Lilac roots are deep within Claremore history and are making their way to the center of attention throughout downtown.
Claremore City Councilors approved designating downtown Claremore as the Lilac District.
“When you come to the Lilac District, you’ll know you’re in the Lilac District,” said Jacob Garrison, Claremore Main Street Executive Director. “We want it to create that unique feel when you come to town.”
Every sign throughout downtown Claremore will be replaced with a sign that includes the Lilac District branding.
Garrison said this districting has been in the works for several years and when it came to the name of Lilac it was a great name that had relevance to Claremore’s history.
“It allows us to tell our story,” Garrison said. “When people inevitably ask ‘where did the lilac come from? How did you settle on that name?’ I think the story in itself – for many people who might not know about Lynn Riggs and “Green Grow the Lilacs” – it allows us to tell a story our town is very proud of.”
According to the Claremore Museum of History, Lynn Riggs was a Claremore native who wrote the play “Green Grows the Lilacs.” The play would be adapted into the famous Broadway play “Oklahoma!”
“Hopefully that gives Main Street the opportunity to show his family one step forward of how proud we are,” Garrison said.
As a way to connect the community with Claremore history and with the new districting, Main Street is kicking off the revival of an old tradition: the Lilac Festival.
“Lynn Riggs was an important figure in American history, and Claremore is honored to recognize his contributions as a poet, author and playwright,” Claremore City Manager John Feary said. “As part of continued revitalization of our downtown, we look forward to bringing back long-standing traditions like the Lilac Festival.”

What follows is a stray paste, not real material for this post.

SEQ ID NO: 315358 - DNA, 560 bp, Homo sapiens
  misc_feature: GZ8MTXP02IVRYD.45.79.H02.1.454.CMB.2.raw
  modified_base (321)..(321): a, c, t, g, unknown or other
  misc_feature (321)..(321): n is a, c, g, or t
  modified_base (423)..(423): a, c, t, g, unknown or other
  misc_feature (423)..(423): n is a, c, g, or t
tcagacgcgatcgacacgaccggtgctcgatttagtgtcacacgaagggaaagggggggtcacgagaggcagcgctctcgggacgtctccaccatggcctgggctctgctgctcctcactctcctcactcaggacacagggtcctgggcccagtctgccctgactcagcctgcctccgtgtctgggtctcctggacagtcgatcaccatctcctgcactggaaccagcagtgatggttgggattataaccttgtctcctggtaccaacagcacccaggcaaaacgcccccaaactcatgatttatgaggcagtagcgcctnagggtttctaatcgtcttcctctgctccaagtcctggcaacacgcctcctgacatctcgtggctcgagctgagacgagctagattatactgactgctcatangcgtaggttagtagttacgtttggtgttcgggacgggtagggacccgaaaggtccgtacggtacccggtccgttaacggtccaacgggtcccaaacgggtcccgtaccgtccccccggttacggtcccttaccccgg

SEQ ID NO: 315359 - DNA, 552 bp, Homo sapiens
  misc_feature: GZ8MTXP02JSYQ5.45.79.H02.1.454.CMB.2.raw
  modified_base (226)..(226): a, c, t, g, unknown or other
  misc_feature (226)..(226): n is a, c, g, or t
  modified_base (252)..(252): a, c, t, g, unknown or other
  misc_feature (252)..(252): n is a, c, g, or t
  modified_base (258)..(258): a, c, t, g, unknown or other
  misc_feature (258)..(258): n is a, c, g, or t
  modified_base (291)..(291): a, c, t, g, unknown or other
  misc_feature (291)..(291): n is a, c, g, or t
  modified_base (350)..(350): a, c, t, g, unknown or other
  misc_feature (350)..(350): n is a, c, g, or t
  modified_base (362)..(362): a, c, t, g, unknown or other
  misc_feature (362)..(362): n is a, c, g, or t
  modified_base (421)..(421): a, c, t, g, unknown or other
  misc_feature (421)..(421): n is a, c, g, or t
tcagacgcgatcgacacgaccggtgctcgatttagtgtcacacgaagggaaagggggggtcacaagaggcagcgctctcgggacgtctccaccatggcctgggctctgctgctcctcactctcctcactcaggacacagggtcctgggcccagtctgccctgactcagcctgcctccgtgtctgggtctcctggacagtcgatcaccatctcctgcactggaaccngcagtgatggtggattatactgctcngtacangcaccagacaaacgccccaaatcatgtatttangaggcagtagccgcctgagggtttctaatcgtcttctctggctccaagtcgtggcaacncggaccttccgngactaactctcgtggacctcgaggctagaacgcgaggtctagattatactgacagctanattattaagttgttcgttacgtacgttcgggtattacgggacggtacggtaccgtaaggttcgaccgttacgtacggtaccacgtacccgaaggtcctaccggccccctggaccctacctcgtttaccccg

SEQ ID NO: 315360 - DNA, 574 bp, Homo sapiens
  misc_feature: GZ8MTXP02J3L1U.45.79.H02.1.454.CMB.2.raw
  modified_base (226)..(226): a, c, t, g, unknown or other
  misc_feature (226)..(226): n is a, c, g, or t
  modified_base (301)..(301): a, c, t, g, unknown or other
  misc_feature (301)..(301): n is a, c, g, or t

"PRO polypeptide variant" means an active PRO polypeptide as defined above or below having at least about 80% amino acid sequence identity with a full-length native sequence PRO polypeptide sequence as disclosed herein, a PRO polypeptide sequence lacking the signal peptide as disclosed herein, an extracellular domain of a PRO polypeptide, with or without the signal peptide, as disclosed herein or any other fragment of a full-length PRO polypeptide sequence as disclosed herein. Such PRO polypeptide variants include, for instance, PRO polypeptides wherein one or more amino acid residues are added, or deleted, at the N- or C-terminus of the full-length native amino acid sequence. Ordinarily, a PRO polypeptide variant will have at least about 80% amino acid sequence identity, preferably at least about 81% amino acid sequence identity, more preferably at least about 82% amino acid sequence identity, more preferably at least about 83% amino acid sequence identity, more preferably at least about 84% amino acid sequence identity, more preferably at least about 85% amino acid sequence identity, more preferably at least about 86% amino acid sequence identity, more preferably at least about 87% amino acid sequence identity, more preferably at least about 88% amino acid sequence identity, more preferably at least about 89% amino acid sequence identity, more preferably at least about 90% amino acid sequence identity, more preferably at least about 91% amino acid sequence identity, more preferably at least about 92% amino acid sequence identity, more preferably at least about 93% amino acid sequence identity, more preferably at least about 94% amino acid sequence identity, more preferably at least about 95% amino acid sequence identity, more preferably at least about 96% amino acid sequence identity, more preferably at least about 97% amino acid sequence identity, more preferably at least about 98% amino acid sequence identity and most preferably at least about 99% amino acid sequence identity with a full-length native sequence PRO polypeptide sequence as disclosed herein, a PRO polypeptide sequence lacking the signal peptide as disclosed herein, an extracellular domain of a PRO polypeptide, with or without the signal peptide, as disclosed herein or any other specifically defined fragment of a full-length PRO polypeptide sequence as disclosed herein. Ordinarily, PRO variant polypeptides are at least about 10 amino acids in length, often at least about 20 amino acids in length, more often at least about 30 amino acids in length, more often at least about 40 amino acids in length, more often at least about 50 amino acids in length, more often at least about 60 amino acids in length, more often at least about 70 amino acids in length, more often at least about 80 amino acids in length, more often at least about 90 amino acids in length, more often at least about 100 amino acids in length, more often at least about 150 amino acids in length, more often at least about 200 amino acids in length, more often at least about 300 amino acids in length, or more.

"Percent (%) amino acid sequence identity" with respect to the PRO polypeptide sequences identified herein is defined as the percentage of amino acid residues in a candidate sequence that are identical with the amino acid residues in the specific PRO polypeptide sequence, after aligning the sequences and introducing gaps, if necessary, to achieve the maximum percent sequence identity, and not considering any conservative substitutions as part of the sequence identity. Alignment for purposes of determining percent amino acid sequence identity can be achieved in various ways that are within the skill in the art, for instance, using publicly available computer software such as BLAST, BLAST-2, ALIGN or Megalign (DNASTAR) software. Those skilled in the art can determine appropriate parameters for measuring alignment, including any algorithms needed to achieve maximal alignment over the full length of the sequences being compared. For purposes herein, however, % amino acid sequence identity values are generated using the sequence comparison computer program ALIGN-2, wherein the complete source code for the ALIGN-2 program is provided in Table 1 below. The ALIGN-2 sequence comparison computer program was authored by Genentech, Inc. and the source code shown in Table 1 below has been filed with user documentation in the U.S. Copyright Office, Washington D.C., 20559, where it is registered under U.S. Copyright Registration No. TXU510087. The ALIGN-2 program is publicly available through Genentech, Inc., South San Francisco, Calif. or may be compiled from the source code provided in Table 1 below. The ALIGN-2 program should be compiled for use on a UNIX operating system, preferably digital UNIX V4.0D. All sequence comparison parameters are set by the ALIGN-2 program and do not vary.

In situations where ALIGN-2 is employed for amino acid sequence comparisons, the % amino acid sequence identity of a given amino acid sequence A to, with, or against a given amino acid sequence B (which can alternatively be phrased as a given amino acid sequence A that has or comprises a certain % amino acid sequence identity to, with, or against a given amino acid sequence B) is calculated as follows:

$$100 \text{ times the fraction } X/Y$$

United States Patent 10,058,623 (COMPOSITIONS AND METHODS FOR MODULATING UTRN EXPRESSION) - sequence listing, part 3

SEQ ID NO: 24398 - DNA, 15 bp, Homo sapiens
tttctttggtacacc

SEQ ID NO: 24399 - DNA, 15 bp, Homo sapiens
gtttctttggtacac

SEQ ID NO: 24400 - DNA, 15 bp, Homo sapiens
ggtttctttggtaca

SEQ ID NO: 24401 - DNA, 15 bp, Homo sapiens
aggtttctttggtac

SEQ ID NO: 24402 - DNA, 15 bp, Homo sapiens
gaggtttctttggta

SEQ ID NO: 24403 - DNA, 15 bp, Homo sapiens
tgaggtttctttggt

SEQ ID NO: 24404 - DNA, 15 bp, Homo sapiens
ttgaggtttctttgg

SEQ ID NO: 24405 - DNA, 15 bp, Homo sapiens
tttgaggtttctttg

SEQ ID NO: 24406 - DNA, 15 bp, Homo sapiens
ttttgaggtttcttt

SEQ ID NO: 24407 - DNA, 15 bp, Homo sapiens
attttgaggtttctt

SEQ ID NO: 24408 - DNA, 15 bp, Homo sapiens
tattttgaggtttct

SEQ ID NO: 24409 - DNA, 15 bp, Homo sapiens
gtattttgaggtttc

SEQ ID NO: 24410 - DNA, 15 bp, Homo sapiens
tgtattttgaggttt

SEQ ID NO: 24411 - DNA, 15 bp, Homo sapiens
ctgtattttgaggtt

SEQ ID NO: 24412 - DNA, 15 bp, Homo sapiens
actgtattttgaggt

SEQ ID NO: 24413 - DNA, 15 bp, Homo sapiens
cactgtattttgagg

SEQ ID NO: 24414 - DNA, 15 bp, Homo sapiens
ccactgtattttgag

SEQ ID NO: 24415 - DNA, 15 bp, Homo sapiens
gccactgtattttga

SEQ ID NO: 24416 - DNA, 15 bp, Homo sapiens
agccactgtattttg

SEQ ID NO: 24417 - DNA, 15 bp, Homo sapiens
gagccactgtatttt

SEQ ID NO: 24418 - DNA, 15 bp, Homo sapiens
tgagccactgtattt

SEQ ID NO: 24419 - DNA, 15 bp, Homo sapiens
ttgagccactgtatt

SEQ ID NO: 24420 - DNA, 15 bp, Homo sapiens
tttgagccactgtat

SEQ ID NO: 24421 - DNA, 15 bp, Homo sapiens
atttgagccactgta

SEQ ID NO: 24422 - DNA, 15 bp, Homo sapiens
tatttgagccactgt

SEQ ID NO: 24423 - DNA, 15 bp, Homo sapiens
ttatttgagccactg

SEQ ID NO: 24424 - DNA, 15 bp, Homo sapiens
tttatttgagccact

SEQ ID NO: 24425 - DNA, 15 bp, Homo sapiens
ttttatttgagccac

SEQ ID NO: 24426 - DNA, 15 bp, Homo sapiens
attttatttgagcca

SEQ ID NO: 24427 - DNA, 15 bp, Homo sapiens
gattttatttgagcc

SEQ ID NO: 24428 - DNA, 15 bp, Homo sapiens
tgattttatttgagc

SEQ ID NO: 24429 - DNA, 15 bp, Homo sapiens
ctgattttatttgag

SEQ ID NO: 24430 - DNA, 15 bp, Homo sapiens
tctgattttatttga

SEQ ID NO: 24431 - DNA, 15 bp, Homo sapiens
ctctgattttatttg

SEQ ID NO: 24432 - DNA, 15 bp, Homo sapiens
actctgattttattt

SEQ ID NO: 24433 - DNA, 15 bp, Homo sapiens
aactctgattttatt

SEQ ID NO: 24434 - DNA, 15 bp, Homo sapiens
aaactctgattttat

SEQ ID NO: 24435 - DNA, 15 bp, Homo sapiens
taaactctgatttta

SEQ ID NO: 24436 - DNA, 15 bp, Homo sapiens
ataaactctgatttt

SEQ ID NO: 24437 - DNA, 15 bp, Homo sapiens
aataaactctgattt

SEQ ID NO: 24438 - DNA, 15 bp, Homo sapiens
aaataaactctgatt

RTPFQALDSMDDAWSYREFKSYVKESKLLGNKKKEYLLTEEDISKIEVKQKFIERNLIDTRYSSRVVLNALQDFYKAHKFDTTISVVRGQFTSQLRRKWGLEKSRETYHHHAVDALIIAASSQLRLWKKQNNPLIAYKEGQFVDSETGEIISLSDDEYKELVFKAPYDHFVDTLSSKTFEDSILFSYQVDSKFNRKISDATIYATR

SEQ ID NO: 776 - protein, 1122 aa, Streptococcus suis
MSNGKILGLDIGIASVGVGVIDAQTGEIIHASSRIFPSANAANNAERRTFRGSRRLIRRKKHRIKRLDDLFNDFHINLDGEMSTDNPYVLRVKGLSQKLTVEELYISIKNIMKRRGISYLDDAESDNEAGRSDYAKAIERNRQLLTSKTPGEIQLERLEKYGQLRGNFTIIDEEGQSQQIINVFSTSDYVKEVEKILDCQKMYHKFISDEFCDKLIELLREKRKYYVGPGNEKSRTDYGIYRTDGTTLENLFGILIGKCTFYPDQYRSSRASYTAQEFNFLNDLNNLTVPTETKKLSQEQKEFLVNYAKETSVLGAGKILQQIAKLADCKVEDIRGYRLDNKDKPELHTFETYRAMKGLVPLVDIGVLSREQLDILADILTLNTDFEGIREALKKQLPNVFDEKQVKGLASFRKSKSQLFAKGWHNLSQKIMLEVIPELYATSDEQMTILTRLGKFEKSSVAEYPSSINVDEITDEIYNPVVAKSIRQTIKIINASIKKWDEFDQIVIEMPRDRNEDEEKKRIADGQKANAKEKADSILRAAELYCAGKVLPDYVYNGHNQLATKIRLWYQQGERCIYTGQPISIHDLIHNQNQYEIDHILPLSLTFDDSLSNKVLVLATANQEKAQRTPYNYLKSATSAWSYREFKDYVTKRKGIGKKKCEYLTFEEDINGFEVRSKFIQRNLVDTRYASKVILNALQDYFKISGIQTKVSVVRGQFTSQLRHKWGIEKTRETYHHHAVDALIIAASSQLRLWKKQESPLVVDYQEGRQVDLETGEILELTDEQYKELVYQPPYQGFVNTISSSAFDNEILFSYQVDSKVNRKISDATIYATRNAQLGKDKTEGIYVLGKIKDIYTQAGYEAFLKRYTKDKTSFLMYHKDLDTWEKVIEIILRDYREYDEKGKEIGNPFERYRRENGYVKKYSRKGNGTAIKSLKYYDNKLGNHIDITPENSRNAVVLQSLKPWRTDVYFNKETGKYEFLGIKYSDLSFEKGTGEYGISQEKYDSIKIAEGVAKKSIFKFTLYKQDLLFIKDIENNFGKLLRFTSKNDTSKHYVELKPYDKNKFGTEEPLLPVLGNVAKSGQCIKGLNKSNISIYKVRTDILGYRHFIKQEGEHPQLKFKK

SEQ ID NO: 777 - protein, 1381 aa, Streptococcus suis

Garrison said the Lilac Festival will take place in the summer of 2022.
“We’ve had great excitement with people in our committees who’ve been working on it with us,” he said.
According to articles published in the Claremore Daily Progress, the Lilac Festival began around 2008 and ended around 2014.
Bob Waters, Claremore Main Street Treasurer, said he used to be the chairman of a group called Care More for Claremore and would sell lilacs at the Lilac Festival.
Care More for Claremore was a voluntary citizens group focused on improving the public image of the city’s residential and commercial buildings, according to the Claremore Daily Progress. Care More for Claremore would sell lilac bushes to promote community beautification.
“I’m really excited to see it get it’s designation like that,”Waters said. “Just to have the designation because of 'Green Grow the Lilacs.' I think it’s something we can hang our hats on and feel special about.”
Waters said he feels great about the Lilac District.
Garrison said it’s within the strategic plan to create unique districting aspects in various parts of Claremore.
“The important thing for us and Main Street is this is work that the city of Claremore and the residents have decided they want,” he said. “This was one of the many things our town has decided upon.”
Garrison said getting that final stamp of approval from the councilors “allows us to start the work.”
Garrison said the districting allows entities and businesses to take the lilac and make it their own.
“To me it creates more of a cohesive unit of a district,” he said.
Garrison said they hope to continue to grow the district.
“Where it is now, God-willing, isn’t where it is in 10 years,” he said.
Garrison said this districting will position Claremore greatly on a state level.
“I think our community, people visiting and people through the state, will really see this will be a big launch to grasp our identity,” he said.